Posted in | Nanomedicine | Nanomaterials

Nanoparticles to Stop Internal Bleeding Could Help to Save Lives

Nanoparticles (green) help form clots in an injured liver. The researchers added color to the scanning electron microscopy image after it was taken. (Credit: Erin Lavik, Ph.D.)

Stopping bleeding as fast as possible is vital to save lives when severe trauma has occurred on the highway or the battlefield. Several techniques are used to control external bleeding, however surgery is currently the only way to stop blood loss within the body from injury to internal organs.

A team of scientists have created nanoparticles capable of assembling wherever an injury happens in the body to help it develop blood clots. These nanoparticles have been verified in test tubes and in vivo.

Their findings are to be present at the 252nd National Meeting & Exposition of the American Chemical Society (ACS). ACS, the largest scientific society in the world, is hosting the meeting. It will cover over 9,000 presentations on a multitude of science topics.

When you have uncontrolled internal bleeding, that’s when these particles could really make a difference. Compared to injuries that aren’t treated with the nanoparticles, we can cut bleeding time in half and reduce total blood loss.

Erin B. Lavik, Sc.D.

Trauma continues to be the highest cause of fatality in children and young adults, and doctors have limited choices to treat internal bleeding.

In order to find a solution to this issue, Lavik’s team created a nanoparticle that serves as a bridge, binding to activated platelets and helping them combine together to develop clots. To achieve this, the nanoparticle is embedded with a molecule that binds to a glycoprotein found exclusively on the activated platelets.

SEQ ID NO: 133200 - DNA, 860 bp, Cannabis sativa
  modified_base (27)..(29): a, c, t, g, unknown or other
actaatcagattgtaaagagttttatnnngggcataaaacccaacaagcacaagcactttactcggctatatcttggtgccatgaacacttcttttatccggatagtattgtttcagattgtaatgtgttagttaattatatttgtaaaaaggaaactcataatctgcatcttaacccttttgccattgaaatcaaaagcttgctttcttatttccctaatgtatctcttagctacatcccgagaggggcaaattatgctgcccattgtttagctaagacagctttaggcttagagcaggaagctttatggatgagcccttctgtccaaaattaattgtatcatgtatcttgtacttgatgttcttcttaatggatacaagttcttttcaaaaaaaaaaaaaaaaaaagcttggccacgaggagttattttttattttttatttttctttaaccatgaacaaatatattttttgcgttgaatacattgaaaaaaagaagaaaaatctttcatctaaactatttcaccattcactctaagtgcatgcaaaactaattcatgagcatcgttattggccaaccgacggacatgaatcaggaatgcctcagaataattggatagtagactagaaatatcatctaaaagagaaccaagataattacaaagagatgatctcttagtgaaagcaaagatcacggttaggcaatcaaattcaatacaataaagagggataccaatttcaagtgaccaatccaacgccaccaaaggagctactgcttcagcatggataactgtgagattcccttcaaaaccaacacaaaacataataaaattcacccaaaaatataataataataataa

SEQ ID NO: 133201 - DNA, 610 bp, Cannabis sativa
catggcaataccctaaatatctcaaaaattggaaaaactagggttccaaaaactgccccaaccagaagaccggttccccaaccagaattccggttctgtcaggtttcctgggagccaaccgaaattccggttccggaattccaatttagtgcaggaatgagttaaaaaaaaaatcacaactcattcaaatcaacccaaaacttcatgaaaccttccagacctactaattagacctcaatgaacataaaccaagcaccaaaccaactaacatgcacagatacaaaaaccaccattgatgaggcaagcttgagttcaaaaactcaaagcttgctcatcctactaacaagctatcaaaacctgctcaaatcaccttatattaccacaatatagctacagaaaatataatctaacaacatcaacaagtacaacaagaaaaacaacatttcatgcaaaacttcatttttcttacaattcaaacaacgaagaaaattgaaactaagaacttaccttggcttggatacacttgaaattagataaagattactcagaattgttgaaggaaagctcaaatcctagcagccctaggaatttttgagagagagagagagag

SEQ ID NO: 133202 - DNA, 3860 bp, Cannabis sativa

Preliminary research indicated that the nanoparticles, supplied intravenously, helped to prevent bleeding in rodents due to brain and spinal injury. But, she accepts that a key question still remains: “If you are a rodent, we can save your life, but will it be safe for humans?”

To figure out if their method would be safe in humans, they investigated the immune reaction toward the particles in pig’s blood. If an immune response is triggered, it would signify that the body is building a defense against the nanoparticle, and that there is a possibility of side effects. The newly created nanoparticles were added into the pig’s blood, and the researchers watched for an uptick in complement, a chief indicator of immune activation.

The particles triggered complement in this experiment, so the team started to solve the problem.

We made a battery of particles with different charges and tested to see which ones didn’t have this immune-response effect. The best ones had a neutral charge.

Erin B. Lavik, Sc.D.

However neutral nanoparticles possessed their own problems. The nanoparticles have the tendency to aggregate even before being injected when repulsive charge-charge interactions are not present.

In order to solve this problem, the team then altered their nanoparticle storage solution by adding a slippery polymer to prevent the nanoparticles from sticking together.

Lavik also created nanoparticles that are stable at temperatures ranging up to 50°C (122°F) to enable storing the particles in a hot ambulance or on a scorching battlefield.

Going forward, the researchers plan to test whether the new nanoparticles activate complement in human blood. Lavik is also keen to identify additional vital safety studies that will help the research to move forward. For instance, the team has to ensure that the nanoparticles will not cause non-specific clotting, which may trigger a stroke. Lavik believes that they could create a useful clinical invention in a period of five to 10 years.

Lavik received financial assistance from the National Institutes of Health and the U.S. Department of Defense.

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